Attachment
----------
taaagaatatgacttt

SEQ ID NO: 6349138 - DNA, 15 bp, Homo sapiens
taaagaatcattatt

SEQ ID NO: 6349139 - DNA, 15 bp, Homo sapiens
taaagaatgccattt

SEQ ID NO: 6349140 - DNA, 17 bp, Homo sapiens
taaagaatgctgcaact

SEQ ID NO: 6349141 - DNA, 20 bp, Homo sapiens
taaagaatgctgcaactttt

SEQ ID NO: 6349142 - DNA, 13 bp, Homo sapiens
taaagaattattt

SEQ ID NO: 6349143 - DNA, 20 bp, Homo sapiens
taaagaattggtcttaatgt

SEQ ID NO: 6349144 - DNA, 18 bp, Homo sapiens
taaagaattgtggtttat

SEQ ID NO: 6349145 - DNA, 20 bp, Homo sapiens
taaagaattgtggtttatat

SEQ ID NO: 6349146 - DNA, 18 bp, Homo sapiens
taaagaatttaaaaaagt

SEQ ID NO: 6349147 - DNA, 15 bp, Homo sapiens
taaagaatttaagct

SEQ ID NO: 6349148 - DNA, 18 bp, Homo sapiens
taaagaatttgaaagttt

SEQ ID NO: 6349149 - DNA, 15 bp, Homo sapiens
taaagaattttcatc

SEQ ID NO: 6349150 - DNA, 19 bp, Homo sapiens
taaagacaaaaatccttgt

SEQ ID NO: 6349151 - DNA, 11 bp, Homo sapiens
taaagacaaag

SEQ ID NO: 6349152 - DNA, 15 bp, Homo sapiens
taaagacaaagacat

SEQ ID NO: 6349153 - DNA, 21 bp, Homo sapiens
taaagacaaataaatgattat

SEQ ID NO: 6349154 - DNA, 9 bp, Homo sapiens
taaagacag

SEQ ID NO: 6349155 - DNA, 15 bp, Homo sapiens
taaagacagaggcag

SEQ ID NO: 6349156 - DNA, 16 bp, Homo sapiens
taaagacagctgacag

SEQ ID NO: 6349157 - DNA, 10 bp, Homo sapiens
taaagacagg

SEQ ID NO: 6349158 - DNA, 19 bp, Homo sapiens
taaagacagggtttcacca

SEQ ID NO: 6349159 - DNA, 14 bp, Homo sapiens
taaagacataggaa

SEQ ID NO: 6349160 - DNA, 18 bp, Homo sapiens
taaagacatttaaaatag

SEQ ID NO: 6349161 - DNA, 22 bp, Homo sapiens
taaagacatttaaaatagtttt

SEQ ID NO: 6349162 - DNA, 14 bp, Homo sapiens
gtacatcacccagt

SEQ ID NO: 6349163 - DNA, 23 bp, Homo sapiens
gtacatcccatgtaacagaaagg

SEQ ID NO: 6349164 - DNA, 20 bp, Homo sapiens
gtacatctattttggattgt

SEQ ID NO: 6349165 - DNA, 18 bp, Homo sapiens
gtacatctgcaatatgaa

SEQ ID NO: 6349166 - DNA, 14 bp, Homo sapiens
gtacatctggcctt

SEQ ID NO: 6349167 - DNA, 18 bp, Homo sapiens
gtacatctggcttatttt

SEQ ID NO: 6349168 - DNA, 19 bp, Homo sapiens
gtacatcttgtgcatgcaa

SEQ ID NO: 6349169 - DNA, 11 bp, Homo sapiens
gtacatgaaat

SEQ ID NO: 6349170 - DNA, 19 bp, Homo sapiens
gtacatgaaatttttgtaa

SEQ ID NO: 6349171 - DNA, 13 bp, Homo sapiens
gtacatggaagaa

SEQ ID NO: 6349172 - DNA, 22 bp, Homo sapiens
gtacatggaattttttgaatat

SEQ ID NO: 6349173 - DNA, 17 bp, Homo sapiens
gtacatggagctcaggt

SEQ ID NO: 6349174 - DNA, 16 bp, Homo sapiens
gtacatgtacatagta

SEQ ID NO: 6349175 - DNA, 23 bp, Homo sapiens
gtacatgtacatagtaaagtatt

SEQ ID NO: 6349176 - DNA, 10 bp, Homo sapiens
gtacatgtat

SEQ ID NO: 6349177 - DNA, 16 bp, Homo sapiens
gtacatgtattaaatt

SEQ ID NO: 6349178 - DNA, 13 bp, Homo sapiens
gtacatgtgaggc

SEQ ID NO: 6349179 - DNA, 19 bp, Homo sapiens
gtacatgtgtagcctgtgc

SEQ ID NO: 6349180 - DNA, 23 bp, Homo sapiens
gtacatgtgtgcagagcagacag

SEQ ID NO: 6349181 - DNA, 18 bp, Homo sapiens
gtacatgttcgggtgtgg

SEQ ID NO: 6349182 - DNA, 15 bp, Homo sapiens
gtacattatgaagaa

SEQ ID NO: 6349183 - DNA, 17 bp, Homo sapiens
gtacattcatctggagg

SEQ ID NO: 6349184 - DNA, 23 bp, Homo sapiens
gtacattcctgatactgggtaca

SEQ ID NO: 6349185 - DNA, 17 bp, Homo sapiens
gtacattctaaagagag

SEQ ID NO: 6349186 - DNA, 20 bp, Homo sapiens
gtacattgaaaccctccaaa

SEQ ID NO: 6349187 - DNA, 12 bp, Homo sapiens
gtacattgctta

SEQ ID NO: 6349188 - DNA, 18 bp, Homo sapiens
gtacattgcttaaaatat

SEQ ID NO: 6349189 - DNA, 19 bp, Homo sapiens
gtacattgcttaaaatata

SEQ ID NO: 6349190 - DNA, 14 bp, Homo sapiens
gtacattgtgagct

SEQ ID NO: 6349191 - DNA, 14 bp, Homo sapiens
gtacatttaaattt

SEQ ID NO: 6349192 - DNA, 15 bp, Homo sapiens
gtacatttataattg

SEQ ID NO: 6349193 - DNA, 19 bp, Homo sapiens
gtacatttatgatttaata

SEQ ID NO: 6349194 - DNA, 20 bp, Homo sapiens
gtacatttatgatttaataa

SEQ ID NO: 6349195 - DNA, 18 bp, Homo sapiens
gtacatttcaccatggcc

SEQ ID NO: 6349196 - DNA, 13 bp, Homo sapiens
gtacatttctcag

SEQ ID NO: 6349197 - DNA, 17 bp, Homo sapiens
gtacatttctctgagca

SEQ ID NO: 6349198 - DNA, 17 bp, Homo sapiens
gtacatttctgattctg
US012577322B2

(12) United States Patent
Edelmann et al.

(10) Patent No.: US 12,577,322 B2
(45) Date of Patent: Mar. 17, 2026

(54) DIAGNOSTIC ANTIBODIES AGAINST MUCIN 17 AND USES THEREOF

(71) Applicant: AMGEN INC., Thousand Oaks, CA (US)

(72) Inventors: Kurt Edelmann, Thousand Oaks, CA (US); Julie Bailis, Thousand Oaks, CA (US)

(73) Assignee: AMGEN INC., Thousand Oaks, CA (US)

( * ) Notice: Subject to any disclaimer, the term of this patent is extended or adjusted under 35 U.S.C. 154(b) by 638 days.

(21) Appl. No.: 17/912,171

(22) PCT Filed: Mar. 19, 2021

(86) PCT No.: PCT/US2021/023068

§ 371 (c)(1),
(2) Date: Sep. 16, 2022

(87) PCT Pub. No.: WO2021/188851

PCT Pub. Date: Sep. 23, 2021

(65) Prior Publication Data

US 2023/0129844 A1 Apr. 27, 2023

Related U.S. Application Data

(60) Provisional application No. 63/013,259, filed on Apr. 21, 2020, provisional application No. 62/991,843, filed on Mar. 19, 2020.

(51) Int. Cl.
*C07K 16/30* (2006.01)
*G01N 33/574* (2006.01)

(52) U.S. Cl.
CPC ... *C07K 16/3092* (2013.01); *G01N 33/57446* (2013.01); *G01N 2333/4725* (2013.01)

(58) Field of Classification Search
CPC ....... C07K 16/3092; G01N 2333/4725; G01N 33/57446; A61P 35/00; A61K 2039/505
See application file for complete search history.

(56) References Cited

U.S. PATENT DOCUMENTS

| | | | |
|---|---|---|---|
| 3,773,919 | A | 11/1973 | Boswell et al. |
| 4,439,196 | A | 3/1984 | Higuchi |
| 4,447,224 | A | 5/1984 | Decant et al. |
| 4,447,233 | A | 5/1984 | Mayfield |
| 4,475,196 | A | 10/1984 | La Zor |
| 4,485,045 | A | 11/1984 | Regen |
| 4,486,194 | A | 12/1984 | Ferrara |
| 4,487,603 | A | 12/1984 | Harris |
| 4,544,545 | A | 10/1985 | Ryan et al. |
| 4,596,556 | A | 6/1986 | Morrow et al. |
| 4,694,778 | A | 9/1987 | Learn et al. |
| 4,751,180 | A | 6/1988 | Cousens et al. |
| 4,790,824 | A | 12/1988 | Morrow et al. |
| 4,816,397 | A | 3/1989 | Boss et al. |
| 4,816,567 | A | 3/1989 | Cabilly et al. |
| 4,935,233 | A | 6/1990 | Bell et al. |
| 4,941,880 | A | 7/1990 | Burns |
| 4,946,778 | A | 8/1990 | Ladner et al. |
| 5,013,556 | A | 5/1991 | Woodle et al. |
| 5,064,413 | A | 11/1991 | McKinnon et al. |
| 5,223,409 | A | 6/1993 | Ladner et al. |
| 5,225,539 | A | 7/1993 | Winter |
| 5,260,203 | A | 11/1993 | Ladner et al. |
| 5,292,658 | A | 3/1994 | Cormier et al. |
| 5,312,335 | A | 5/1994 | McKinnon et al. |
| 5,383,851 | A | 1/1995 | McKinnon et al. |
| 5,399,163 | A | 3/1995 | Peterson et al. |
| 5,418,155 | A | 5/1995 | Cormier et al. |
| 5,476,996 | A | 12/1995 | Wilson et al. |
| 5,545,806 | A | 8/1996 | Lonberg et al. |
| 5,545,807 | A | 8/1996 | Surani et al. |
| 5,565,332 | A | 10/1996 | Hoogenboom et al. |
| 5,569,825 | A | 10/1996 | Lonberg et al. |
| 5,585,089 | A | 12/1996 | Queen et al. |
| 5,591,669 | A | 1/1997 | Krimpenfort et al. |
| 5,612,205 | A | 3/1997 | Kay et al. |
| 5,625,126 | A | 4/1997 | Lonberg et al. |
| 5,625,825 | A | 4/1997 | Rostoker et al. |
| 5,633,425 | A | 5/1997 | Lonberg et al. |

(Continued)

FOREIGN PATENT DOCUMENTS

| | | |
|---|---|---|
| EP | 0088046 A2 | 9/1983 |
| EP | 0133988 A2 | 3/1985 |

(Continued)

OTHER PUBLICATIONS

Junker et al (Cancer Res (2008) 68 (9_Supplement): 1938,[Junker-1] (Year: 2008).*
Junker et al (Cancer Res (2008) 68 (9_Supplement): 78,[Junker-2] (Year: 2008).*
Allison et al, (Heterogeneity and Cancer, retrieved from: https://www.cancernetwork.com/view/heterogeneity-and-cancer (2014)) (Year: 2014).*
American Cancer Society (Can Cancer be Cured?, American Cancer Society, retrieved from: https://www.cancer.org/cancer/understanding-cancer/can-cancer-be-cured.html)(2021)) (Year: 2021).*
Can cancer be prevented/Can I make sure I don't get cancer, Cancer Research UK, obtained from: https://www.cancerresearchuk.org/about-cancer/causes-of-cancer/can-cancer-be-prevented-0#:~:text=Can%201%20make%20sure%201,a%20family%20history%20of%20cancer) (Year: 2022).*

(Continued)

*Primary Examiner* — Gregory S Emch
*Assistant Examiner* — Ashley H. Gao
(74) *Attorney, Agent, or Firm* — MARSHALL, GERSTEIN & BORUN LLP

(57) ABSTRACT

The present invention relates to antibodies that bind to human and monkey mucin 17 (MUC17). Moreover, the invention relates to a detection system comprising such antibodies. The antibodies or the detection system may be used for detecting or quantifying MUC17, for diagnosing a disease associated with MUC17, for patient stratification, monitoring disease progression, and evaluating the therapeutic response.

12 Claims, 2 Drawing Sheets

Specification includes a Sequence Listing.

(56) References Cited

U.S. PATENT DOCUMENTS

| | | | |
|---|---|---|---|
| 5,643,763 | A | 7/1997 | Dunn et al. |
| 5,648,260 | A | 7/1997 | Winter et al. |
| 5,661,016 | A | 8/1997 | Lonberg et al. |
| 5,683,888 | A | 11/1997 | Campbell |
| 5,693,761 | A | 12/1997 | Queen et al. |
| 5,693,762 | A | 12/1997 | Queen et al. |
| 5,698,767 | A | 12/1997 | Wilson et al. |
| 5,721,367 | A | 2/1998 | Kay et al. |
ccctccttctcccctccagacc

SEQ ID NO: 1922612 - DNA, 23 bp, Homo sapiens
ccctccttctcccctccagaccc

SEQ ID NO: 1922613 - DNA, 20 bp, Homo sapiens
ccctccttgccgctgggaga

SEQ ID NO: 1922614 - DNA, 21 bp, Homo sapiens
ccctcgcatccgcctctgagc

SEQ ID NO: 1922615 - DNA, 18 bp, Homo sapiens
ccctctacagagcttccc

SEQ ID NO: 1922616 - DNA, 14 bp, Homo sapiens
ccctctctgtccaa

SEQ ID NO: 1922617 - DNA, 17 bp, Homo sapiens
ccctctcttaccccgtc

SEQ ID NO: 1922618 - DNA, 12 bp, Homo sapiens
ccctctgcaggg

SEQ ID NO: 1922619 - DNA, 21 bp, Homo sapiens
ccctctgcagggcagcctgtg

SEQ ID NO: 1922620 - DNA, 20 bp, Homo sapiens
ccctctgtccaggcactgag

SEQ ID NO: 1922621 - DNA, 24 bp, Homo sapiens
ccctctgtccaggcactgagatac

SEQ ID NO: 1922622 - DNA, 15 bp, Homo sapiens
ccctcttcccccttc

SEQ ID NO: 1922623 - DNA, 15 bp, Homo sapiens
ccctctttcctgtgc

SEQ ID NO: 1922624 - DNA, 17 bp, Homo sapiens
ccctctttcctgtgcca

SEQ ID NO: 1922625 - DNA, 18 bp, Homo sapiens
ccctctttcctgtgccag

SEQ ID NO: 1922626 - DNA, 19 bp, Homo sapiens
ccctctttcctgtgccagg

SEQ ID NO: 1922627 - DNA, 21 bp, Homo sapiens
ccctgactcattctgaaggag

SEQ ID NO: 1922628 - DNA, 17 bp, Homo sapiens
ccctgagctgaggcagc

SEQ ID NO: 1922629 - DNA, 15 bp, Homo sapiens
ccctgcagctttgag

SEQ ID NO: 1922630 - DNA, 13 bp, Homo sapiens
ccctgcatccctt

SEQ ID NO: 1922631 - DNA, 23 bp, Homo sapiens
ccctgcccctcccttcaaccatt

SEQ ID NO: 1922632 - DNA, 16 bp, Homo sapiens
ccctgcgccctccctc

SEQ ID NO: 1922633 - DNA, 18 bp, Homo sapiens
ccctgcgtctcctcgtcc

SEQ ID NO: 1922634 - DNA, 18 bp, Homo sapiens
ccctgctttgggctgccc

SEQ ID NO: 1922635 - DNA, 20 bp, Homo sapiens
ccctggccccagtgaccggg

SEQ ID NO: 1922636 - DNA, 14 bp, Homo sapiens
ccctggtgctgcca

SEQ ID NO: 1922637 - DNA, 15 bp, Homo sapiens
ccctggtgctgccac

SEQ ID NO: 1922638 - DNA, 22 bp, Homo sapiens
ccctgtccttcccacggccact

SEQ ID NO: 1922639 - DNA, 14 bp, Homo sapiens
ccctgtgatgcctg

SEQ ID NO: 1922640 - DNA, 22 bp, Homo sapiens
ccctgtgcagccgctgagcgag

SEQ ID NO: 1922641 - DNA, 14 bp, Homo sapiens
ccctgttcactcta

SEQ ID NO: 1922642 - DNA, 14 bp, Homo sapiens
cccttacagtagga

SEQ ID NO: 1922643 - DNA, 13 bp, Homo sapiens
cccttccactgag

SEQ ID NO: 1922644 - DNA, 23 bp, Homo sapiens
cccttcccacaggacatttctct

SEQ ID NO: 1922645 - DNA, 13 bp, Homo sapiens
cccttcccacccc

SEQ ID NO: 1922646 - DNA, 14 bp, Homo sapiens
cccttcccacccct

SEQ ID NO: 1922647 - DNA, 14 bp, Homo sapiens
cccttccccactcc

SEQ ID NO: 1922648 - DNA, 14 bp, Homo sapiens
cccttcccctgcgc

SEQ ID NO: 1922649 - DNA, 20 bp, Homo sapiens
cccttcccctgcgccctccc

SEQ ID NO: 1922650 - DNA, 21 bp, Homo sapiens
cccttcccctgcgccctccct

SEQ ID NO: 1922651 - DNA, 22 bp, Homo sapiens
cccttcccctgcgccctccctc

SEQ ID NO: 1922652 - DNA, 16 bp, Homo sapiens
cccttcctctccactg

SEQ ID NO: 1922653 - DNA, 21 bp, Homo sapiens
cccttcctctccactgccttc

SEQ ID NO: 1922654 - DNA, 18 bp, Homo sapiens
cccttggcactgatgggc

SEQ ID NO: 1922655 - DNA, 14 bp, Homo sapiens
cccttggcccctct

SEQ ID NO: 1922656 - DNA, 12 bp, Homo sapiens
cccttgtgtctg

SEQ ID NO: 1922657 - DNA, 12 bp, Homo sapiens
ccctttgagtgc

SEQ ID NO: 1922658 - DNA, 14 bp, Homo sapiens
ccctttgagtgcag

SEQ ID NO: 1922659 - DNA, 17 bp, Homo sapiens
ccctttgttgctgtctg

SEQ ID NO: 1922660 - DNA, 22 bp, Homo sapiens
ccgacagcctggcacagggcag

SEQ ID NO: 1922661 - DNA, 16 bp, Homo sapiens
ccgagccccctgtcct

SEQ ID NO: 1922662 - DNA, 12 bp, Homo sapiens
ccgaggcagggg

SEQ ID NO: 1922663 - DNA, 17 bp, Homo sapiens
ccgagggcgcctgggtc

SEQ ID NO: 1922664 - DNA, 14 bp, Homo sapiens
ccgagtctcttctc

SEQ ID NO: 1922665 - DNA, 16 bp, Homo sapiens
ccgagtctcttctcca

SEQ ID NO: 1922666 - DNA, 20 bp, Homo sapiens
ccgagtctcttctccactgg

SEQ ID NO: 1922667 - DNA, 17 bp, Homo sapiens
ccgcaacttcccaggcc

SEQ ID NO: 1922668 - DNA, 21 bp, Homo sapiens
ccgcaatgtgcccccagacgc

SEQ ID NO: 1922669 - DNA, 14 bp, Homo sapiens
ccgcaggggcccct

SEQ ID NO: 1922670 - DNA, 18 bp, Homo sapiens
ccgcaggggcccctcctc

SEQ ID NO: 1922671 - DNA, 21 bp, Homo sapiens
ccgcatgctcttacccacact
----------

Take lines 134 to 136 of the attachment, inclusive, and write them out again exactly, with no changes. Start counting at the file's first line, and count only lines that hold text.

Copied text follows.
(21) Appl. No.: 17/912,171

(22) PCT Filed: Mar. 19, 2021

(86) PCT No.: PCT/US2021/023068